Much has been said about the new Apple mobile operating system, iOS 7, from a design standpoint. Now, there is an entirely new paradigm in U/I and U/X design for native iPhone apps. While designers the world over may be rejoicing in the clean simplicity and innate usability of the new OS, questions regarding what it means for your business might abound. So, we’ll be tackling the new features of iOS7 and what they mean for your business in a two-part blog post.
Apple has finally embraced true multitasking. Instead of simply keeping apps in the dock on double clicking, Apple is supporting full multi-app functionality. Now when you double click the home button, you can see exactly what’s going on the app as you left it.
This will allow for better productivity being that you don’t have to relaunch any apps if you move into another one. Furthermore, it allows app creators more flexibility in their apps, which can only help the enterprise end user. On an individual note, it should allow individual employees to develop better and more efficient iOS workflows.
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AirDrop is a point-to-point file sharing system. It will allow users to share files directly from their device to the devices near them via Wi-Fi (even if there is not Wi-Fi network available). This is great for employees and their ability to share files between their phones, tablets, and if you’re a mac shop, desktop devices. This streamlines the process of collaborating and sharing documents between individuals.
From an enterprise standpoint, though, this raises potential security concerns. Unlike email or other file sharing protocols, you can’t track what your employees send to others via AirDrop. As such, this is something your IT department will probably have to tackle via training.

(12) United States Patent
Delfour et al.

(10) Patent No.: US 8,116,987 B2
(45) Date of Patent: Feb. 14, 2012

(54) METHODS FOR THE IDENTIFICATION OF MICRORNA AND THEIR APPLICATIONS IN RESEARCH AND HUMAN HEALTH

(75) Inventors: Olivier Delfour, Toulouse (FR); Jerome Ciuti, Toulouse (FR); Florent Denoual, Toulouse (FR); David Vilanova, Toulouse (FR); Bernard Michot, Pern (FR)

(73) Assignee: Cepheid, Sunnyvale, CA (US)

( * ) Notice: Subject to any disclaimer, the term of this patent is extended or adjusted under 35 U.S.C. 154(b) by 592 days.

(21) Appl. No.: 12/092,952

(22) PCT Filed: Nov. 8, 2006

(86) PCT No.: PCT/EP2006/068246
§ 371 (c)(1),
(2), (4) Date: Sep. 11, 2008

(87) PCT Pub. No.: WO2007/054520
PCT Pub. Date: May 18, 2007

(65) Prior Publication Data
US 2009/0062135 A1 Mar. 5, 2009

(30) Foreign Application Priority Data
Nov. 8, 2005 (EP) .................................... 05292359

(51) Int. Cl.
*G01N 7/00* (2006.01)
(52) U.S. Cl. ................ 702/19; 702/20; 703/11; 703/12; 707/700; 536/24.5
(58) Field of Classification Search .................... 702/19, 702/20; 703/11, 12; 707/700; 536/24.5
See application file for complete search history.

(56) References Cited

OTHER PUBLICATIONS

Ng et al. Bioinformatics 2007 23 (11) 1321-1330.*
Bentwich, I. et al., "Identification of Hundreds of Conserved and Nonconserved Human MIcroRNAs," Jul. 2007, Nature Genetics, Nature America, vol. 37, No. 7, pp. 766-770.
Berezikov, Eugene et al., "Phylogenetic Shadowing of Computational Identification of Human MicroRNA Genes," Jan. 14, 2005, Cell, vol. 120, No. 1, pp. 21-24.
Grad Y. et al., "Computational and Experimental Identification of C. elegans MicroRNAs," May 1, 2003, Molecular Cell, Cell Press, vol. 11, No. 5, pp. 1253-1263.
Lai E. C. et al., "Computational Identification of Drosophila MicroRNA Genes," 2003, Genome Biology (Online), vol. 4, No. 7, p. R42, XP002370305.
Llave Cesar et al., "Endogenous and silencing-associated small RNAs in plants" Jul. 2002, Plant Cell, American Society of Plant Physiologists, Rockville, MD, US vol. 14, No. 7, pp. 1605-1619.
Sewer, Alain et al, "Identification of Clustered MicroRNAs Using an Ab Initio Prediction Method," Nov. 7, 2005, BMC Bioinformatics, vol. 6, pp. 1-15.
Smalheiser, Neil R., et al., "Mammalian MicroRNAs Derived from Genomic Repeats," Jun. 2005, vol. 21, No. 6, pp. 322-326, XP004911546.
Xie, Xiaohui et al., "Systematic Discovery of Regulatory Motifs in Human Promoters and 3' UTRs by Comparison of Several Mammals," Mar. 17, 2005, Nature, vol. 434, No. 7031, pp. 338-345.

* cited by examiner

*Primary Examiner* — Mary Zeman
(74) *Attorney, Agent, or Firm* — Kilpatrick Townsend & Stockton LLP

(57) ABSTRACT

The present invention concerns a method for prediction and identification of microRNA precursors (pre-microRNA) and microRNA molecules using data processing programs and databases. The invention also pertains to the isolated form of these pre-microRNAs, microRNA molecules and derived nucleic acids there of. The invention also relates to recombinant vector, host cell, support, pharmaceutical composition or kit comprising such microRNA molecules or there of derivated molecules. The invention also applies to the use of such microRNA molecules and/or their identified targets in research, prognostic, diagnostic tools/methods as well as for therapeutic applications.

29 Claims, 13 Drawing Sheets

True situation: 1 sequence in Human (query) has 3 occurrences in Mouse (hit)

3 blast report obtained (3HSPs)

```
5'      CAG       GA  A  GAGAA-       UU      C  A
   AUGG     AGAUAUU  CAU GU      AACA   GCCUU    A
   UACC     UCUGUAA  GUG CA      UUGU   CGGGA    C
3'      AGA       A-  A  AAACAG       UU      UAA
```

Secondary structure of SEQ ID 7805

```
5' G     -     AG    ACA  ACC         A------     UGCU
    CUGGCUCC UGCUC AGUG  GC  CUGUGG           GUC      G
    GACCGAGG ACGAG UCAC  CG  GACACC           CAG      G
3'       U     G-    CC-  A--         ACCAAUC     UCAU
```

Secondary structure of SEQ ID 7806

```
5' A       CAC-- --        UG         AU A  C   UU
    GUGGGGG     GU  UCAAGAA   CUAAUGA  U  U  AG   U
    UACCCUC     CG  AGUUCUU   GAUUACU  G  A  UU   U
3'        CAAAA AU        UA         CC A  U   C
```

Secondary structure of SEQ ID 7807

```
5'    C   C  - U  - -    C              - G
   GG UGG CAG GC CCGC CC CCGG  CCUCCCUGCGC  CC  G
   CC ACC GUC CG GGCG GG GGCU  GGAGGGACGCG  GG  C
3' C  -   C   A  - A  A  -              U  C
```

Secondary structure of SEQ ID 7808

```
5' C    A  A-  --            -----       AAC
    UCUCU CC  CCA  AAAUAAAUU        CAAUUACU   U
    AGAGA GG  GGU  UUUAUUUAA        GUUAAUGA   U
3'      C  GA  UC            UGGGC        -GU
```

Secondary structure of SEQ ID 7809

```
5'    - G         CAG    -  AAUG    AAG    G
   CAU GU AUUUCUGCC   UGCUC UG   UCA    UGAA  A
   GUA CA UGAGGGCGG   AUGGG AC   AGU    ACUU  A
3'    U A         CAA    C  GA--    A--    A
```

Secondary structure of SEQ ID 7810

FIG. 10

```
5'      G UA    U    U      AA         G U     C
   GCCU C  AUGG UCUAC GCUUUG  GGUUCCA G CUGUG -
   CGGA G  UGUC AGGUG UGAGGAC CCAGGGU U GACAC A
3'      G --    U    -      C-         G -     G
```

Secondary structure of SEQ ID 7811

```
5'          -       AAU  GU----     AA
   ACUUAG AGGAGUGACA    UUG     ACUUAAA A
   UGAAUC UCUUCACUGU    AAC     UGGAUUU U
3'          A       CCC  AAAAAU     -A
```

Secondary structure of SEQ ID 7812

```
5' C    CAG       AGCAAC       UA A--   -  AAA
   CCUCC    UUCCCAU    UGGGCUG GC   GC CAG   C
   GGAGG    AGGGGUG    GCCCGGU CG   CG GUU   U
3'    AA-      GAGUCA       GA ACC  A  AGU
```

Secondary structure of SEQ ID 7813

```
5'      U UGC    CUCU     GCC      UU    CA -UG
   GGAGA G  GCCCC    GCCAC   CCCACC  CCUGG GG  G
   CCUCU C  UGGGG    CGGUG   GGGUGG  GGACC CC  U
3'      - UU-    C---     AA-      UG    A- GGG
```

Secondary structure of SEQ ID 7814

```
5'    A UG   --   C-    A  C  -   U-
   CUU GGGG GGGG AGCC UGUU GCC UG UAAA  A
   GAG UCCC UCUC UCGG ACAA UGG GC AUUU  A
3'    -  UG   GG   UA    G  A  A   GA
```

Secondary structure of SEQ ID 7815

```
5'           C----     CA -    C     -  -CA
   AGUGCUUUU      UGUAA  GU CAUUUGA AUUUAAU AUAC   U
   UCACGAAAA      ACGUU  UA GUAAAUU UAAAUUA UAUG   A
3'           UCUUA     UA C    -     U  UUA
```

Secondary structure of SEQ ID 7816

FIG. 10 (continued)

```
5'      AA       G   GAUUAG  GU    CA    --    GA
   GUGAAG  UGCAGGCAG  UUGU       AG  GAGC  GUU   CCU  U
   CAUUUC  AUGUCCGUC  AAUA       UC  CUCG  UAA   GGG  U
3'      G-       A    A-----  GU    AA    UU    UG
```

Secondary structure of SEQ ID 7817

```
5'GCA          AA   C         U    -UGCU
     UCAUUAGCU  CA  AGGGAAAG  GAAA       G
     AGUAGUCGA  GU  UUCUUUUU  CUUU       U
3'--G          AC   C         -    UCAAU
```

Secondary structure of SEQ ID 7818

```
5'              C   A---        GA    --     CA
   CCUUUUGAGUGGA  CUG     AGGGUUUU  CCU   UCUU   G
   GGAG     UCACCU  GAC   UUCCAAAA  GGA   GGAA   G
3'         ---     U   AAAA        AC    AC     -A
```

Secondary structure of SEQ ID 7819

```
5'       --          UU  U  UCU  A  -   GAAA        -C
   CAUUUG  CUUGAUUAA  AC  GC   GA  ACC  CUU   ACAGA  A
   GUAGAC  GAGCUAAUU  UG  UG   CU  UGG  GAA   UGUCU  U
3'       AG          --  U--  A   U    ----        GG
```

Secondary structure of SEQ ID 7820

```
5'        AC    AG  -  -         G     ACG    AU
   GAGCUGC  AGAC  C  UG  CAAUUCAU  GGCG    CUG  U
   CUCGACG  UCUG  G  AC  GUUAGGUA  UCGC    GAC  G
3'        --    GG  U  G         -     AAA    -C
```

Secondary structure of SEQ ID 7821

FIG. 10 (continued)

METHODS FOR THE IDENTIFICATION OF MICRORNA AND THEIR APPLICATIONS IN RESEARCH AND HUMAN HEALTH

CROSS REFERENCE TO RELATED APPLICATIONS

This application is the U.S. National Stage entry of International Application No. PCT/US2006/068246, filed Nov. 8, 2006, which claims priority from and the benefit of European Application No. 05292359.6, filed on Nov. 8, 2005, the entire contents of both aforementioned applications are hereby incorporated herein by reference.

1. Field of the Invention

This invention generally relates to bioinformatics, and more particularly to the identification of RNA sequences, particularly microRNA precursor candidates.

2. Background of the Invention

AirDrop could also lead to data sprawl if it becomes widely used in corporate environments. Because you can’t track where people are sending files, this also means you can run into versioning problems if employees working in groups use this instead of some other, more trackable sharing service. I do not yet know if IT departments will be able to disable or restrict this feature. In the meantime, you need to be thinking about this new functionality and how it can potentially affect your security and/or information management protocols.
I would posit that this is the most important new feature for enterprise clientele, especially if they have consumer facing apps in the marketplace. One of the biggest concerns in launching new apps is how they will scale—will users actually update the app when they’re prompted with that badge? You’ve incorporated expanded features in the new app release, but will consumers remember to actually download the new version?
That no longer matters. Apple will give users the ability to turn on Auto Updates so these apps will update themselves in the background. This is great news for consumer facing app producers because you can assure your apps are scaling along with your app improvement and update efforts.
In part II, we’ll cover activation lock, “open in” management, per app VPN, and enterprise single sign on. Stay tuned!